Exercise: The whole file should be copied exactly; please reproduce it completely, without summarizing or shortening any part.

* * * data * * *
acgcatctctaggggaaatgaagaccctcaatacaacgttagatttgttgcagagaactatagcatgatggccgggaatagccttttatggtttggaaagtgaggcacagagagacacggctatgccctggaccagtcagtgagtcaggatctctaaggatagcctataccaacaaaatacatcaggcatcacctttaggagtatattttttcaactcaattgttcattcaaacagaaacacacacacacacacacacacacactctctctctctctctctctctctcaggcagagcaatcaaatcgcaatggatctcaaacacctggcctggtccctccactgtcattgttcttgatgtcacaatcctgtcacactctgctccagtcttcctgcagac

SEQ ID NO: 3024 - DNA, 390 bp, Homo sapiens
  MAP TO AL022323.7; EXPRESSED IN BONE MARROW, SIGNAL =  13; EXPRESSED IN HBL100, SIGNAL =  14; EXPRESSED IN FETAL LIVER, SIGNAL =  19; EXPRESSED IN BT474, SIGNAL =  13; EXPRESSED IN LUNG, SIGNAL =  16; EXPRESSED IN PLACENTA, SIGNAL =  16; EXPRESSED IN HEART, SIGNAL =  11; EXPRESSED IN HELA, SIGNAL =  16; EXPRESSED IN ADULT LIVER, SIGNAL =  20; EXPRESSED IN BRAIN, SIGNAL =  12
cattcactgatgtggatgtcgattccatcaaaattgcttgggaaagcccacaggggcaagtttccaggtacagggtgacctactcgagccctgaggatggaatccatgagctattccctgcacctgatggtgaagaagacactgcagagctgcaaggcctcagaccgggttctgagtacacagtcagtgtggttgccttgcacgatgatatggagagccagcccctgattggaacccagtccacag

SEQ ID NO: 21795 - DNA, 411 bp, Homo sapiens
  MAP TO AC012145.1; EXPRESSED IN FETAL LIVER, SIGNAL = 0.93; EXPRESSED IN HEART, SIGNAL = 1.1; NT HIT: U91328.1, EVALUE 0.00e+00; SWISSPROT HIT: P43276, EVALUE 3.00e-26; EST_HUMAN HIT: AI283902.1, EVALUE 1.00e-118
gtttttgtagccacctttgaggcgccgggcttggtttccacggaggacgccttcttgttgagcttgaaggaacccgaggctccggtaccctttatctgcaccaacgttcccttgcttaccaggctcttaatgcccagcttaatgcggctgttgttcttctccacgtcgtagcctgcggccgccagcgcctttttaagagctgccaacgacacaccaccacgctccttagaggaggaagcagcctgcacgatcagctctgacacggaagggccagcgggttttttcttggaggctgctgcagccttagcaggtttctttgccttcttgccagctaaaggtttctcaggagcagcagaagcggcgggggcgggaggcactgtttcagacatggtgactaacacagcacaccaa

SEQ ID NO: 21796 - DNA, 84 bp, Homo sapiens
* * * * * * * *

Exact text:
acgcatctctaggggaaatgaagaccctcaatacaacgttagatttgttgcagagaactatagcatgatggccgggaatagccttttatggtttggaaagtgaggcacagagagacacggctatgccctggaccagtcagtgagtcaggatctctaaggatagcctataccaacaaaatacatcaggcatcacctttaggagtatattttttcaactcaattgttcattcaaacagaaacacacacacacacacacacacacactctctctctctctctctctctctcaggcagagcaatcaaatcgcaatggatctcaaacacctggcctggtccctccactgtcattgttcttgatgtcacaatcctgtcacactctgctccagtcttcctgcagac

SEQ ID NO: 3024 - DNA, 390 bp, Homo sapiens
  MAP TO AL022323.7; EXPRESSED IN BONE MARROW, SIGNAL =  13; EXPRESSED IN HBL100, SIGNAL =  14; EXPRESSED IN FETAL LIVER, SIGNAL =  19; EXPRESSED IN BT474, SIGNAL =  13; EXPRESSED IN LUNG, SIGNAL =  16; EXPRESSED IN PLACENTA, SIGNAL =  16; EXPRESSED IN HEART, SIGNAL =  11; EXPRESSED IN HELA, SIGNAL =  16; EXPRESSED IN ADULT LIVER, SIGNAL =  20; EXPRESSED IN BRAIN, SIGNAL =  12
cattcactgatgtggatgtcgattccatcaaaattgcttgggaaagcccacaggggcaagtttccaggtacagggtgacctactcgagccctgaggatggaatccatgagctattccctgcacctgatggtgaagaagacactgcagagctgcaaggcctcagaccgggttctgagtacacagtcagtgtggttgccttgcacgatgatatggagagccagcccctgattggaacccagtccacag

SEQ ID NO: 21795 - DNA, 411 bp, Homo sapiens
  MAP TO AC012145.1; EXPRESSED IN FETAL LIVER, SIGNAL = 0.93; EXPRESSED IN HEART, SIGNAL = 1.1; NT HIT: U91328.1, EVALUE 0.00e+00; SWISSPROT HIT: P43276, EVALUE 3.00e-26; EST_HUMAN HIT: AI283902.1, EVALUE 1.00e-118
gtttttgtagccacctttgaggcgccgggcttggtttccacggaggacgccttcttgttgagcttgaaggaacccgaggctccggtaccctttatctgcaccaacgttcccttgcttaccaggctcttaatgcccagcttaatgcggctgttgttcttctccacgtcgtagcctgcggccgccagcgcctttttaagagctgccaacgacacaccaccacgctccttagaggaggaagcagcctgcacgatcagctctgacacggaagggccagcgggttttttcttggaggctgctgcagccttagcaggtttctttgccttcttgccagctaaaggtttctcaggagcagcagaagcggcgggggcgggaggcactgtttcagacatggtgactaacacagcacaccaa

SEQ ID NO: 21796 - DNA, 84 bp, Homo sapiens